Here's a look at some of the stories that CNN plans to follow this week:
Obama gives State of the Union address, then hits the road
President Barack Obama will deliver his third State of the Union address at 9 p.m. Tuesday before both houses of Congress, along with the Supreme Court justices, the president's Cabinet and the U.S. diplomatic corps.
Among those expected to be in attendance is U.s. Rep. Gabrielle Giffords, the Arizona congresswoman who was shot in January 2011 and who announced Sunday she will resign her position to focus on her recovery. Attending the speech will be one of her last acts in office.
Less than 24 hours later, the president will hit the road to promote his policies with a three-day, five-state tour that will include stops in Cedar Rapids, Iowa; Phoenix; Las Vegas; Denver (site of his nomination in 2008); and Detroit.
After Gingrich's S.C. victory, Romney to release tax returns
Republican presidential hopeful Mitt Romney said Sunday he will release his 2010 tax return and an estimate of his 2011 tax liability on Tuesday. Last week, the former Massachusetts governor told reporters he would release his 2011 tax return in April and estimated his actual tax rate was close to 15%, a promise that did not satisfy his opponents or many voters.
"I think we just made a mistake in holding off as long as we did. It was just a distraction," Romney said Sunday on "Fox News Sunday."
With Newt Gingrich's victory Saturday in the South Carolina primary, three different candidates have won the first three GOP presidential nominating contests. Florida gets the next contest, and this week the candidates will stage two debates there to sway the state's voters.
The former House speaker is scheduled to join Romney, former U.S. Sen. Rick Santorum and U.S. Rep. Ron Paul for a debate in Tampa on Monday.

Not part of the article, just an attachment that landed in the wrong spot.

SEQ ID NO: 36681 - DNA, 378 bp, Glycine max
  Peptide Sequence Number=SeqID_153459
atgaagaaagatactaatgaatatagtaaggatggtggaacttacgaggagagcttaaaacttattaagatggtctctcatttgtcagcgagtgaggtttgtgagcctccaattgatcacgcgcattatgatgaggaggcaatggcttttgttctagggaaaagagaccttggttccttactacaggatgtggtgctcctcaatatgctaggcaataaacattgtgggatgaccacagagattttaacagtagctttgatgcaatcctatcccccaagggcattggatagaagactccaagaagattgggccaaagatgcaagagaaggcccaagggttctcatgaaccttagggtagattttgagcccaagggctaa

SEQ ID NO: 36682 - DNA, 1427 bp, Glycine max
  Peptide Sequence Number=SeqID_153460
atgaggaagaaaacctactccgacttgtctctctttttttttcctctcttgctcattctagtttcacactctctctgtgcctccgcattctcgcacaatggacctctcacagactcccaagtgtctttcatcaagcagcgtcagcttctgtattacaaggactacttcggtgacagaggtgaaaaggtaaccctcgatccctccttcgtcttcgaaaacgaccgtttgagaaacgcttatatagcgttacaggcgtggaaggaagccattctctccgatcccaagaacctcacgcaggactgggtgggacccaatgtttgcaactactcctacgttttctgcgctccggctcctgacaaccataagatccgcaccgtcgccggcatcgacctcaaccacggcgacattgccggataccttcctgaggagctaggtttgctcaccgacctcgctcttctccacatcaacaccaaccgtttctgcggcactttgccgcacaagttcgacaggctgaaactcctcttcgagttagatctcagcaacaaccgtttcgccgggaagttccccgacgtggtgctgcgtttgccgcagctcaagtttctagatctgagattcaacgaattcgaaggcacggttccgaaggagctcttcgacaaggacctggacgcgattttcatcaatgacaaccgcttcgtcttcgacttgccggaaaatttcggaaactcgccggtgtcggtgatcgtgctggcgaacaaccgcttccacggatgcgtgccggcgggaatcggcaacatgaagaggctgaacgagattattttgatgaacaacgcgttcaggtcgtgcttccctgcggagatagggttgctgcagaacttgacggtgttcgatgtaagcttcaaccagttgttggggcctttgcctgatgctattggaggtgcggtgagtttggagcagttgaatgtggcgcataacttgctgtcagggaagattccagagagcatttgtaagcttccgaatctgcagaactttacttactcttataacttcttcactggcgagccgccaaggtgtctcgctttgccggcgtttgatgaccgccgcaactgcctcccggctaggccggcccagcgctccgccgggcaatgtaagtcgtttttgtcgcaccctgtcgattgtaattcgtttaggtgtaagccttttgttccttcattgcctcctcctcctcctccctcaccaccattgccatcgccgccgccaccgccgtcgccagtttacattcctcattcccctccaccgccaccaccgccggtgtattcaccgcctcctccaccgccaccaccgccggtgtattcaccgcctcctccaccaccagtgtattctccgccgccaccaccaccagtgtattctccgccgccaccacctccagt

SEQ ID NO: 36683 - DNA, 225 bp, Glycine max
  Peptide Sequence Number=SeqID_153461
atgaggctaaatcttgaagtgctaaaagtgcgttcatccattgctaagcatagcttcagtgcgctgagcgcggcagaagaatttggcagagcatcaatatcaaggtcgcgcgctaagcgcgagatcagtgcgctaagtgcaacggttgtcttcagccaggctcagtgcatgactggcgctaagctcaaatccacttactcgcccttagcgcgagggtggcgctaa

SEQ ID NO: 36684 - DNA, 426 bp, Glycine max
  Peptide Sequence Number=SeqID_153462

On Thursday evening, CNN will co-sponsor a debate at the University of North Florida in Jacksonville.Â Florida voters will head to the polls January 31.
Gingrich's victory in South Carolina marked a stunning turnaround for a candidate who finished fourth in Iowa and New Hampshire and whose campaign had been left for dead by observers just weeks ago.
Monday profile: A midair courtship over Tuskegee
To her, he was "Geno," the handsome fighter pilot for the historic "Red Tails." He nicknamed her "Mike" for her tomboy looks and aviator dress. Together, they were Tuskegee's "first couple" - a love story that soared beyond racism and war.
The story won't be released until Monday, but you can get a sneak peek here.
EU expected to ban Iranian oil purchases
The European Union is expected to announce tough a new sanction on Iran's oil industry Monday. According to a source familiar with the matter, the sanctions will ban the import of Iranian oil and also restrict Iran's trade in gold and precious metals, as well as freeze certain Iranian financial assets, CNNMoney reports.
The widely expected move follows similar actions by the United States and the United Kingdom. They are all aimed at increasing pressure on Tehran to give up its nuclear program, which Iran says is for peaceful purposes but many suspect is intended to produce a bomb.
The sanctions are expected to have a grace period of three to eight months, an EU diplomat told CNN. This would giveÂ European refiners time to find new suppliers and Iran time to find new buyers.
Iran has indicated it's ready to resume talks with the international community over its nuclear program.
Of the 2.2. million barrels of oil Iran exports a day, about 18% is bound for European markets, according to the U.S. Energy Information Administration.
Egypt's new parliament meets as year since revolution marked
Egypt's newly elected parliament will convene Monday, nearly a year after the popular revolts that ousted President Hosni Mubarak began, with a member of the Muslim Brotherhood likely to become parliament speaker.
The Brotherhood's Freedom and Justice Party won more than 40% of the seats in recent elections, and Egypt's top political parties have agreed to nominate Brotherhood member Mohamed al-Katatni as speaker. The parliament must appoint a 100-member panel to write a new Egyptian constitution.
Liberals in Egypt fear that electoral gains for Islamists will steer Egypt down a rigid path away from democracy. But Mohamed Morsi, the chairman of the FJP, has tried to reassure Egyptians that the new constitution "will be drafted without exemption of any stakeholders or exclusion of any parties, forces or currents."
The Supreme Council of the Armed Forces, which has led Egypt's government since Mubarak's fall, has said it will hand over power to a new government once one is in place. But the transition has not been quick or transparent enough for some Egyptians, and some activists are panning a demonstration in Cairo's Tahrir Square on Wednesday, the anniversary of the start of last year's revolt.